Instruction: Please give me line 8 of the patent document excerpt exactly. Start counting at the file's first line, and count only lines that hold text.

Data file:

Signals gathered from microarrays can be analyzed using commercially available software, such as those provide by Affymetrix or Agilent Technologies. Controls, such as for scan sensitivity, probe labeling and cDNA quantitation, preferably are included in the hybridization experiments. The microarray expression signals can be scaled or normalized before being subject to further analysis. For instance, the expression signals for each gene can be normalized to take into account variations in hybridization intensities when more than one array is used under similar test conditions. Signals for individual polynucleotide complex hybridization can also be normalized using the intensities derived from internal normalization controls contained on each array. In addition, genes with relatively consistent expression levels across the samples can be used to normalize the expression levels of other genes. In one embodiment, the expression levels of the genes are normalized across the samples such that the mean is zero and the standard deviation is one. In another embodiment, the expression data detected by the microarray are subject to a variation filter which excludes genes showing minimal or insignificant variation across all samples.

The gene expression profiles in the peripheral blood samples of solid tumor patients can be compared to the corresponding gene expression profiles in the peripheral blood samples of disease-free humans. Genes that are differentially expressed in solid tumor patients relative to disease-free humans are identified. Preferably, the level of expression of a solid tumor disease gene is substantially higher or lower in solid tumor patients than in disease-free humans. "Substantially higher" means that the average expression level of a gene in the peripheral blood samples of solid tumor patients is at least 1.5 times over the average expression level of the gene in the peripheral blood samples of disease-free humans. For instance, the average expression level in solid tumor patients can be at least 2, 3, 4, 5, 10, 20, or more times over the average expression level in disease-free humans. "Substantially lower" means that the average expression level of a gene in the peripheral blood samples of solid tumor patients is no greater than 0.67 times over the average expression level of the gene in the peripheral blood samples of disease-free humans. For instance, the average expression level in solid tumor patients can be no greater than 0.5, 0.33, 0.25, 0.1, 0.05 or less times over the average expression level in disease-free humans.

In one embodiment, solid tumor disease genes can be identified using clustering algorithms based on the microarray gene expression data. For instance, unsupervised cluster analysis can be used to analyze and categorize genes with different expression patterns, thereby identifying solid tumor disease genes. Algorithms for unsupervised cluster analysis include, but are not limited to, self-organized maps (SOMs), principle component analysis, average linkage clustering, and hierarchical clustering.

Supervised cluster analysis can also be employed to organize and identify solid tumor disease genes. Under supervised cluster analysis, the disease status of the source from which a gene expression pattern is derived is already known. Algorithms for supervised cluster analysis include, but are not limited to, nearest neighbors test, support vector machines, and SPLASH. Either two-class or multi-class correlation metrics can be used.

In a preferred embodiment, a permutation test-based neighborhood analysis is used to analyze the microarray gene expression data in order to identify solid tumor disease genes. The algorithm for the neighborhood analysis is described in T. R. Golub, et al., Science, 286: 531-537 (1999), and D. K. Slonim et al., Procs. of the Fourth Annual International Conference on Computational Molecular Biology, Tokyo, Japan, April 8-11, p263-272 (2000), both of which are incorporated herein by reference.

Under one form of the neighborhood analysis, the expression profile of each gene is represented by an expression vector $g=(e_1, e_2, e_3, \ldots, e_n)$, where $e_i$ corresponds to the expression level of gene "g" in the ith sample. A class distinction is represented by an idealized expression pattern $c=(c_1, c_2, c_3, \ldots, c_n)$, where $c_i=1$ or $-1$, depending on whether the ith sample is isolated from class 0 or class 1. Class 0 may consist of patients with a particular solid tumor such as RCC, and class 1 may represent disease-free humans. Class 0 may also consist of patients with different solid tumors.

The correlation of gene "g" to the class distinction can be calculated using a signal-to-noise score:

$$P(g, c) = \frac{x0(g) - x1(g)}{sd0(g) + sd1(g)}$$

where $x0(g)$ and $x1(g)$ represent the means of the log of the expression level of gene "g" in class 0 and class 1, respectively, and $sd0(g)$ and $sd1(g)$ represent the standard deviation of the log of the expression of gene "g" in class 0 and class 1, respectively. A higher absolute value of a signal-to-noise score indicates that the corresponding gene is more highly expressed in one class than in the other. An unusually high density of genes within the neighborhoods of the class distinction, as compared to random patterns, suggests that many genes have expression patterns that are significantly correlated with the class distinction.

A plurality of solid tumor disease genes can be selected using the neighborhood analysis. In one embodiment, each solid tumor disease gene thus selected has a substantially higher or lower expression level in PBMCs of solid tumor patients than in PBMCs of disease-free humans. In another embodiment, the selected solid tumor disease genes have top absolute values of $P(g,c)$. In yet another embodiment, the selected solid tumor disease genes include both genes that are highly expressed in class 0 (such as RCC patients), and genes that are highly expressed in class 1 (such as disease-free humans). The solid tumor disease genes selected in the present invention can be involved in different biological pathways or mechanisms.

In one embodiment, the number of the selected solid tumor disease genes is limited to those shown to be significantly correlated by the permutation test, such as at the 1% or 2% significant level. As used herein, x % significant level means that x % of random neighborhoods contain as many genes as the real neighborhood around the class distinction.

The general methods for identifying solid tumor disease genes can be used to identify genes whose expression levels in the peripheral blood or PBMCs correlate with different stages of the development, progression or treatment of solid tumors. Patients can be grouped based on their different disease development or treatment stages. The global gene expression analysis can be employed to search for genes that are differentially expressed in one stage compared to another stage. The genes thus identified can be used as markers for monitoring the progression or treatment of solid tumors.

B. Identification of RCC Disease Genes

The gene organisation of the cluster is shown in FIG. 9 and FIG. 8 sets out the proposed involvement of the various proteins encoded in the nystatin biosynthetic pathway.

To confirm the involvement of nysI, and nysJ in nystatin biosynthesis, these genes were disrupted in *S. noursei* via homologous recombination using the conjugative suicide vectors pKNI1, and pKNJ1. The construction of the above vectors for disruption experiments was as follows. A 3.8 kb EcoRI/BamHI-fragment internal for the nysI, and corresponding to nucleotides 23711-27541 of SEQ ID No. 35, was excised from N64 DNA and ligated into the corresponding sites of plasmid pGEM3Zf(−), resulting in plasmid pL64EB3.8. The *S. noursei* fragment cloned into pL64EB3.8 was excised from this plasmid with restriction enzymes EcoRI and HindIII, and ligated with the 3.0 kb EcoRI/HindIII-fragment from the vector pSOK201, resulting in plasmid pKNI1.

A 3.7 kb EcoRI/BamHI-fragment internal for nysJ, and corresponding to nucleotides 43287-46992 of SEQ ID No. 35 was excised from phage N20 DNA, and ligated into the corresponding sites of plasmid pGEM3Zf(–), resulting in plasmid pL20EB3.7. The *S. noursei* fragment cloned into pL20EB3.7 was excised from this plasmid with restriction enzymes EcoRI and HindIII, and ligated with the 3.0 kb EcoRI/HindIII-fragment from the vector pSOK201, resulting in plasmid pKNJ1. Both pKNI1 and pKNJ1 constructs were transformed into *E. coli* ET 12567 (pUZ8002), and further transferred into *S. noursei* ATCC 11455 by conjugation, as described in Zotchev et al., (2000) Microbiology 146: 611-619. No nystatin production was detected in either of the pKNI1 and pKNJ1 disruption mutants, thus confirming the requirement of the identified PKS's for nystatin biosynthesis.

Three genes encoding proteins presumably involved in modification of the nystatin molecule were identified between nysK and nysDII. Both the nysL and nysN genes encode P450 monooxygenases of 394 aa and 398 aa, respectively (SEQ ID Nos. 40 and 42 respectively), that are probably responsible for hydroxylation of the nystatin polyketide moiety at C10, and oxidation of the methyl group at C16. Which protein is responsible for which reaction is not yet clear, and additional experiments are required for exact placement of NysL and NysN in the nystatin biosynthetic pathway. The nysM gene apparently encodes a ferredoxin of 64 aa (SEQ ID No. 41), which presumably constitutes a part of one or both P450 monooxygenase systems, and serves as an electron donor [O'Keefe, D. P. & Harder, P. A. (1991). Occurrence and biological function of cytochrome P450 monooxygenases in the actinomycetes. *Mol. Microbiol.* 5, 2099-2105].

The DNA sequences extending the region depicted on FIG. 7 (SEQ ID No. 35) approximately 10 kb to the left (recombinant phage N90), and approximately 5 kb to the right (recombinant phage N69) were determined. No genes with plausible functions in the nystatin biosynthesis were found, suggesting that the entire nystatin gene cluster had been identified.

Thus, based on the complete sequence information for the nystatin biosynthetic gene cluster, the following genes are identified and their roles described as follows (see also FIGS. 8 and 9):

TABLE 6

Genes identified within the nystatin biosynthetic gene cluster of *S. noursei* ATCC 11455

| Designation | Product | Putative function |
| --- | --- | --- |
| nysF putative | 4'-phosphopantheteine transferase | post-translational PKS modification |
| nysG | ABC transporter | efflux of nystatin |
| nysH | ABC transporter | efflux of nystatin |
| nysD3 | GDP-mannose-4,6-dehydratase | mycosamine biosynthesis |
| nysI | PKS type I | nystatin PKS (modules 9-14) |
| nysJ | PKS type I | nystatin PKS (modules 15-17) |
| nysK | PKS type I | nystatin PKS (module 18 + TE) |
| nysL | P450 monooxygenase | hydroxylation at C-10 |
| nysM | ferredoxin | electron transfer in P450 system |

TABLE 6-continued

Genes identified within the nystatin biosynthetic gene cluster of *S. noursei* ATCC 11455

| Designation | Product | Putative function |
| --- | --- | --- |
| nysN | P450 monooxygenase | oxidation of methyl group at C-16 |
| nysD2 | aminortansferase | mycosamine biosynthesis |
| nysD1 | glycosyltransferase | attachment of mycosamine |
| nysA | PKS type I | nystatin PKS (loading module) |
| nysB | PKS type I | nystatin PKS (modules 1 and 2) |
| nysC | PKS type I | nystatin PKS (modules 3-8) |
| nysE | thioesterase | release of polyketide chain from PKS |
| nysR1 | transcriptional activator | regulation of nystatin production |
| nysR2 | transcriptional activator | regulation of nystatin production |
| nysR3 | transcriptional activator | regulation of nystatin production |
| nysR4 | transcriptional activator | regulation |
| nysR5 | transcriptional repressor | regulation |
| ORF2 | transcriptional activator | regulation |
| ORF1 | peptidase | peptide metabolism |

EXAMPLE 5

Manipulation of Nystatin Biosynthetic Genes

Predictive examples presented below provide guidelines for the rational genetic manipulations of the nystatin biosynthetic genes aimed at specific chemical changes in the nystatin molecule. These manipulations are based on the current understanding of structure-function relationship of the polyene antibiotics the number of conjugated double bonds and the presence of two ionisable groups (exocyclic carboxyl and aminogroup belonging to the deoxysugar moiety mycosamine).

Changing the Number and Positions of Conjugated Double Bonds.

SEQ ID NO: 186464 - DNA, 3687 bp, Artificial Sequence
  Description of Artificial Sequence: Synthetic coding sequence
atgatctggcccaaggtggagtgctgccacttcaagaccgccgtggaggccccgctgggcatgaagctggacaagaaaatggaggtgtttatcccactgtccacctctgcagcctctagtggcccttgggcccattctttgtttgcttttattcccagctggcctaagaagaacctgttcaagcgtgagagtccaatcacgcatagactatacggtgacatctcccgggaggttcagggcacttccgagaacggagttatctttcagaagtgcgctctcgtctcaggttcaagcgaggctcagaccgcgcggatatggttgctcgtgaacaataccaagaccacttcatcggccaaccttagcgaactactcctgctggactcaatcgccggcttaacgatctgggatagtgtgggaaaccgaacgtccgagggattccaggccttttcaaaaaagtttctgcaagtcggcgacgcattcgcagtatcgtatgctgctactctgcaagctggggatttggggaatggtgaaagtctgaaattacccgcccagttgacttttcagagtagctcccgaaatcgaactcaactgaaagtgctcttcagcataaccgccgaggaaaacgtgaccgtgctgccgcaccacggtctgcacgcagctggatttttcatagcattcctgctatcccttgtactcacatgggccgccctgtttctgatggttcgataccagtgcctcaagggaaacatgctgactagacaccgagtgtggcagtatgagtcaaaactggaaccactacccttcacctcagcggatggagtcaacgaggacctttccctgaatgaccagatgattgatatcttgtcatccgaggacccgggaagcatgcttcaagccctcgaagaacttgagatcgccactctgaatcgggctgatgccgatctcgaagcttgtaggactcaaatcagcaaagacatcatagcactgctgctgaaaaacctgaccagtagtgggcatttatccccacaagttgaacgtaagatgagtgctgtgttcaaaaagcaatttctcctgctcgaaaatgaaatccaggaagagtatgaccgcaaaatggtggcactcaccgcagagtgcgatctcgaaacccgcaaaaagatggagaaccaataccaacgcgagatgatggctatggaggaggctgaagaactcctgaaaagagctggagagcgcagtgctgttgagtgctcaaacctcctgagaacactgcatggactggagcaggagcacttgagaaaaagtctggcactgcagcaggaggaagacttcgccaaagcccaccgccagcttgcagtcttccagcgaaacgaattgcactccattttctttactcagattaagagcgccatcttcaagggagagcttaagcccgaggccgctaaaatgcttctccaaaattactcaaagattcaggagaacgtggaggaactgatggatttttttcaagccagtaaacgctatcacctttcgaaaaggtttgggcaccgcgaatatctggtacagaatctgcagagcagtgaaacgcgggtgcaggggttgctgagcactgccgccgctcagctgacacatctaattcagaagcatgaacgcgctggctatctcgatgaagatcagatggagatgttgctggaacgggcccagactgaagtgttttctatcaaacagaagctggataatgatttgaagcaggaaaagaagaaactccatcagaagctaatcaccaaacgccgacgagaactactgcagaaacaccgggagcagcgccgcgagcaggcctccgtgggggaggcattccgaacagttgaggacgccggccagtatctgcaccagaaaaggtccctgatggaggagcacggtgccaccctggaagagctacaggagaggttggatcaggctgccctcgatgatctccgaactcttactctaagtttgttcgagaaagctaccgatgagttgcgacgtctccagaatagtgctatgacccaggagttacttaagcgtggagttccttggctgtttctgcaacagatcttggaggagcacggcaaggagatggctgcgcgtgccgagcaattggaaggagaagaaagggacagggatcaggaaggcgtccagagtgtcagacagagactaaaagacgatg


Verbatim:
$$P(g, c) = \frac{x0(g) - x1(g)}{sd0(g) + sd1(g)}$$